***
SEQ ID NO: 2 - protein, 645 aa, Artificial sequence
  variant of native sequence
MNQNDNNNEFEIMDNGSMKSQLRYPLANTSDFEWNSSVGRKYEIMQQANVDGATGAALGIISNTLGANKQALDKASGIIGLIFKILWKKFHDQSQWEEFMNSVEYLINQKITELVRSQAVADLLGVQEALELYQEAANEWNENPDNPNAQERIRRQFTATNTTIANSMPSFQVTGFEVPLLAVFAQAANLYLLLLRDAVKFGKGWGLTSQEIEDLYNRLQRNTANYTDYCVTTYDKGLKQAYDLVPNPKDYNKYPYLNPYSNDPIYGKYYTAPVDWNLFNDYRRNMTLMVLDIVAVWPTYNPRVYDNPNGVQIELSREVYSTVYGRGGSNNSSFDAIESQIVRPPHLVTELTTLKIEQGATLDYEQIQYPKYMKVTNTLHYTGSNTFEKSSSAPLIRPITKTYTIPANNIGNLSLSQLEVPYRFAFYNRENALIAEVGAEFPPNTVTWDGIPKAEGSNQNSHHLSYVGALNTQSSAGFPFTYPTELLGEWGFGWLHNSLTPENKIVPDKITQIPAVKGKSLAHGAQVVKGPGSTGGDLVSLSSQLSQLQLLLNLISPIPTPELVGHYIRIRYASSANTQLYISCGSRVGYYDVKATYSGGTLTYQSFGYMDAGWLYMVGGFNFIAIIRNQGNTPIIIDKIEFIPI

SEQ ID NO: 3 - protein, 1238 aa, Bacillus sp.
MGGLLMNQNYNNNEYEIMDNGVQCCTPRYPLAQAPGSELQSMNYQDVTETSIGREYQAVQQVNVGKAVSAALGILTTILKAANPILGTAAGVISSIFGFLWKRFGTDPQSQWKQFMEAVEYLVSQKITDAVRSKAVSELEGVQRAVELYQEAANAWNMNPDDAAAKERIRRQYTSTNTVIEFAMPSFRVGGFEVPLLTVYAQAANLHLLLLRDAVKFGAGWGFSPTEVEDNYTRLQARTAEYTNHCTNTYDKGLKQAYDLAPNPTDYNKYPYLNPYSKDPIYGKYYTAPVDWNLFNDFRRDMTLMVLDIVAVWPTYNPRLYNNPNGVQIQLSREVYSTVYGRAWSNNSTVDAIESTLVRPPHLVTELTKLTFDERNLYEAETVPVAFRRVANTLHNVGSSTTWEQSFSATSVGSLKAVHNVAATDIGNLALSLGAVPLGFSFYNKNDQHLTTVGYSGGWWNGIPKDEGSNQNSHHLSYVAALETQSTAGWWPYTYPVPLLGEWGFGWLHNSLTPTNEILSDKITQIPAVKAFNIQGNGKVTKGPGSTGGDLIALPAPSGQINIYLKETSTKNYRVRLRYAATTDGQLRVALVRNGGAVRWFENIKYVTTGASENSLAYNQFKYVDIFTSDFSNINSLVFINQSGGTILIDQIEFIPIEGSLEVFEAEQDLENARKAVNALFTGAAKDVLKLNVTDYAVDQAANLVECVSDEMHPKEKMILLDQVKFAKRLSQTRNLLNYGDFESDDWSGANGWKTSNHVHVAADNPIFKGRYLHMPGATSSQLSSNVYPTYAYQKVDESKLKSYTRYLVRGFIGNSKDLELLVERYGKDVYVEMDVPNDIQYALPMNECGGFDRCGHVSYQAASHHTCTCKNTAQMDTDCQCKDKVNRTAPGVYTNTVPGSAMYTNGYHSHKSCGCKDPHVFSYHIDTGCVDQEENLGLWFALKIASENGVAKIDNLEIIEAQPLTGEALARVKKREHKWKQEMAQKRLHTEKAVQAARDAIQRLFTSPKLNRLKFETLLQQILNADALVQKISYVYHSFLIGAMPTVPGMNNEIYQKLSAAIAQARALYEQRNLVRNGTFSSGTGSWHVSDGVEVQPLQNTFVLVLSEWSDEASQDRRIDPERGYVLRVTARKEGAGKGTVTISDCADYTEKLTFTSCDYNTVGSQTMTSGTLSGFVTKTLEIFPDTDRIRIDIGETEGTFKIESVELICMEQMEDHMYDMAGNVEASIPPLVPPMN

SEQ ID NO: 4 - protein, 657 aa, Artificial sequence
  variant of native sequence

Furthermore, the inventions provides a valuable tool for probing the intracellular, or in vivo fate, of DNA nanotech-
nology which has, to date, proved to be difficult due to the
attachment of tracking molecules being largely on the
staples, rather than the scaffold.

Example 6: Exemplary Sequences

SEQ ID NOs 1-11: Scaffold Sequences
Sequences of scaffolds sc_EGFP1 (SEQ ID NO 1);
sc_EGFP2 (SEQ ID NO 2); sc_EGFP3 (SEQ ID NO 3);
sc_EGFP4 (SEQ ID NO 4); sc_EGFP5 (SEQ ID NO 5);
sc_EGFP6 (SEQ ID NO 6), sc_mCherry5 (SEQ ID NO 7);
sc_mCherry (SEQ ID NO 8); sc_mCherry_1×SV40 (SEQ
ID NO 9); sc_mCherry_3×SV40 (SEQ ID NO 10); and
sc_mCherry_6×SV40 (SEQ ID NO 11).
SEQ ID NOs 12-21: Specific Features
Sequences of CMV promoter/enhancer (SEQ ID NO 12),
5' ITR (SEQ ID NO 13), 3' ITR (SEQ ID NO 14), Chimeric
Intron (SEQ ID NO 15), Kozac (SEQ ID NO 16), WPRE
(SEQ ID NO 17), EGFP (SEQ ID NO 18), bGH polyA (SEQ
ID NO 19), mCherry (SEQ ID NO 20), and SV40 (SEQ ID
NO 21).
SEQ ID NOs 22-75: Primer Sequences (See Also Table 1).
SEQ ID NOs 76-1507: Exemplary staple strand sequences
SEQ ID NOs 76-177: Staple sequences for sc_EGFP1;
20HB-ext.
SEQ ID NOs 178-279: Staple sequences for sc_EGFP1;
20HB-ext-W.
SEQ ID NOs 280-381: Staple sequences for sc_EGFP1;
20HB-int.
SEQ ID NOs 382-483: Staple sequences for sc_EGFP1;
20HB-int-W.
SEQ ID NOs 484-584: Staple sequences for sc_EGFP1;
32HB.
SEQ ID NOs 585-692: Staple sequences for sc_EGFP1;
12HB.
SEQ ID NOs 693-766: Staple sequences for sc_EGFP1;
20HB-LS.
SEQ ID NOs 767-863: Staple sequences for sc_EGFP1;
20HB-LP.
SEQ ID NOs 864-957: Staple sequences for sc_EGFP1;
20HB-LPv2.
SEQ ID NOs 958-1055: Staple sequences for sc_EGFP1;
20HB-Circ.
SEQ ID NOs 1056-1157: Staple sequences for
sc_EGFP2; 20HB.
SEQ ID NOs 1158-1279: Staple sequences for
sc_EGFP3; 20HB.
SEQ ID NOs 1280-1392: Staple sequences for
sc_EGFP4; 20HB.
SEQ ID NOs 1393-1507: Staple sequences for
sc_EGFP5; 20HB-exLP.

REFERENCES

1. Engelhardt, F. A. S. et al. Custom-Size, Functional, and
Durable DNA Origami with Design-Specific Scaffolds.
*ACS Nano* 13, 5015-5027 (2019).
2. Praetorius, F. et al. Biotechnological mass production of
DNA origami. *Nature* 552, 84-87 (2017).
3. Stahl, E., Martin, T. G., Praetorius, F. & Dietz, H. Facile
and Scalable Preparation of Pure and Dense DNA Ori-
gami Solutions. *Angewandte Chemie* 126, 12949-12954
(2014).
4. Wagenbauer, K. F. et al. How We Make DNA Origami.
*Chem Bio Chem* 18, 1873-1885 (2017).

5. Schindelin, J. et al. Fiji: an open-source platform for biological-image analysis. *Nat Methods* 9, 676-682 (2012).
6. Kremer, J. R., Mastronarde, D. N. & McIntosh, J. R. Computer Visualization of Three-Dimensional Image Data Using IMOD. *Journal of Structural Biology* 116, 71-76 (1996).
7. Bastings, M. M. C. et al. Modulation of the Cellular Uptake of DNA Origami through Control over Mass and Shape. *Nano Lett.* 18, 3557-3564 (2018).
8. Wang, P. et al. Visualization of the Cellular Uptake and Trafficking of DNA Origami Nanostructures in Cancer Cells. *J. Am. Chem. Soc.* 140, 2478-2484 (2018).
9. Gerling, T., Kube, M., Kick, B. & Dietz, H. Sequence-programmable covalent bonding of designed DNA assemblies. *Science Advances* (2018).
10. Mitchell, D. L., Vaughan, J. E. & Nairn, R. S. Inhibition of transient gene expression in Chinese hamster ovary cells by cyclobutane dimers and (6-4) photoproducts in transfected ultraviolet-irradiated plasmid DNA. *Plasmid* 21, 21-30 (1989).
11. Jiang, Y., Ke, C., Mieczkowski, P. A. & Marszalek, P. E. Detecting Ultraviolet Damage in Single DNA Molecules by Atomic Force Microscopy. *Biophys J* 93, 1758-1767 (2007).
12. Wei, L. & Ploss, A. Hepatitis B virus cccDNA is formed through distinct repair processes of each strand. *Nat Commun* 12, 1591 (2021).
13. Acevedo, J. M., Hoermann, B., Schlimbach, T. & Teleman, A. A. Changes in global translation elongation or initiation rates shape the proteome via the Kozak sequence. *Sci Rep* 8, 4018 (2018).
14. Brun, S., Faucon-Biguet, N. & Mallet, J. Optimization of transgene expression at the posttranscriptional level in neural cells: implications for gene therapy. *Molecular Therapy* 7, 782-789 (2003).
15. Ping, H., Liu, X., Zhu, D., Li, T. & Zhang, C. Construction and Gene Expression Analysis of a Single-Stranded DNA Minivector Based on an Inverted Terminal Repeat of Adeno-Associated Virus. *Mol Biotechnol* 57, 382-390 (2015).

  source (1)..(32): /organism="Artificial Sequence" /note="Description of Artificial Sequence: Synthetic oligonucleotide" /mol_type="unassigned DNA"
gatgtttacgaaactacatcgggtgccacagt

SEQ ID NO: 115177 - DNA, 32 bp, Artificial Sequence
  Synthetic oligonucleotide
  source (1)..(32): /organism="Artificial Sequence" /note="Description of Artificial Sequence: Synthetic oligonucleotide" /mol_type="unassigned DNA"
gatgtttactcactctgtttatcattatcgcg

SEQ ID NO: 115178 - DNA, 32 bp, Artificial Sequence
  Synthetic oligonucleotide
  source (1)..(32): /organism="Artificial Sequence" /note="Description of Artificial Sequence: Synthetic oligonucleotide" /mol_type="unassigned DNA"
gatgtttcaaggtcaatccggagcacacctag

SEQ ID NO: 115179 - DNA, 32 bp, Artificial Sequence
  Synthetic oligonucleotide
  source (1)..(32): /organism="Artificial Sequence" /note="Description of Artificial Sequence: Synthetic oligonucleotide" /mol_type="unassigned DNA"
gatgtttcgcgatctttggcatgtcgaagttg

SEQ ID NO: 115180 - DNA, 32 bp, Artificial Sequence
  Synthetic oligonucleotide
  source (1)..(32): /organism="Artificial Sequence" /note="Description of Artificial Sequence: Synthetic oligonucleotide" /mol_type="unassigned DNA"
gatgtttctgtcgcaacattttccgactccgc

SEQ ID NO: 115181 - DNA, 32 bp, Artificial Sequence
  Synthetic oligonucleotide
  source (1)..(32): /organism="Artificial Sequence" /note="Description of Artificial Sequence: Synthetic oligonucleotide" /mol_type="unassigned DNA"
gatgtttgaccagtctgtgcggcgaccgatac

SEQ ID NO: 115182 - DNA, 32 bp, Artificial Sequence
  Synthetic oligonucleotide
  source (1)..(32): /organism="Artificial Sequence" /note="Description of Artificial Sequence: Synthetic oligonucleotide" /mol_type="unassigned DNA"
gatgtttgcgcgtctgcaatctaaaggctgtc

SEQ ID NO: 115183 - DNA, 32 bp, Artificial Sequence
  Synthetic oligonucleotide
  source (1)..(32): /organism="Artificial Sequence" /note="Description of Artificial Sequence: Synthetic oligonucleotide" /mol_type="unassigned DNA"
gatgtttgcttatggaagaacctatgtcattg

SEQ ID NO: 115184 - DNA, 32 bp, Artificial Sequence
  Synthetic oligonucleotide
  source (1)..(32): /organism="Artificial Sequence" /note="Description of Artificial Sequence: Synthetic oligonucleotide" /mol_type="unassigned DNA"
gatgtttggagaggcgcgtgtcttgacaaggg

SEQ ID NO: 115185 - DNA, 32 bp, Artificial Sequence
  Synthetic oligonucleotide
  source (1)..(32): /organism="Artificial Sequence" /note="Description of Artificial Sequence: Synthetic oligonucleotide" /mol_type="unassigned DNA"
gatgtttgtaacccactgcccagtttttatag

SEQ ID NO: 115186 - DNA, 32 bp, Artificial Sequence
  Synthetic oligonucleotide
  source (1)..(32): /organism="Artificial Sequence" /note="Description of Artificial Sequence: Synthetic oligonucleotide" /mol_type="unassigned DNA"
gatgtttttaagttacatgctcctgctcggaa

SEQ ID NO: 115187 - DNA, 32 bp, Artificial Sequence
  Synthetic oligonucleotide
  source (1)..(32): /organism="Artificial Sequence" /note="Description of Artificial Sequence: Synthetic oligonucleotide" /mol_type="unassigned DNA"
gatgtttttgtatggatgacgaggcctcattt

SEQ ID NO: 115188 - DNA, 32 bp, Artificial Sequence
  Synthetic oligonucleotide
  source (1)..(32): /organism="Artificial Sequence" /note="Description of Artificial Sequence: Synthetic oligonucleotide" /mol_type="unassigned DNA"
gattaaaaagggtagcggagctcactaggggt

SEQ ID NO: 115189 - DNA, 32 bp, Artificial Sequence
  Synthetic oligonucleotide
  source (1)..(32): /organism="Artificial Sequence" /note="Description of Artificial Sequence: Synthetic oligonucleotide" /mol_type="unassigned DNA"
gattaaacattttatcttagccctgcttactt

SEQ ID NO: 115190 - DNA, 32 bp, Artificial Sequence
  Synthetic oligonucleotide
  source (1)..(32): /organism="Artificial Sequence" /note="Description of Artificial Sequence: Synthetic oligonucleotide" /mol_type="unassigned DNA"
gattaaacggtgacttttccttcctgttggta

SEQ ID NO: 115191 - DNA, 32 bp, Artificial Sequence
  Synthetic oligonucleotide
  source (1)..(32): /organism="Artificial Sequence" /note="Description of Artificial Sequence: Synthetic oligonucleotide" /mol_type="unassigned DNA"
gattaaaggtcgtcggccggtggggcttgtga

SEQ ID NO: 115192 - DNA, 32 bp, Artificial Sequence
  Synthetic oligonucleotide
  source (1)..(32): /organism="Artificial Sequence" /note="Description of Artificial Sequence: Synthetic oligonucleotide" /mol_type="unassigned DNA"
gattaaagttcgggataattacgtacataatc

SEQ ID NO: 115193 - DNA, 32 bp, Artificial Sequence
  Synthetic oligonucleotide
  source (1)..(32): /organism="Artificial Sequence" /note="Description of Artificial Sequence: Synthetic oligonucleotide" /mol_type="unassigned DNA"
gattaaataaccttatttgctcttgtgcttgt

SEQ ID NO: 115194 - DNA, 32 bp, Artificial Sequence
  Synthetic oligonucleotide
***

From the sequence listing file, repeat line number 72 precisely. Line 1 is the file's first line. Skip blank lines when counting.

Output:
7. Bastings, M. M. C. et al. Modulation of the Cellular Uptake of DNA Origami through Control over Mass and Shape. *Nano Lett.* 18, 3557-3564 (2018).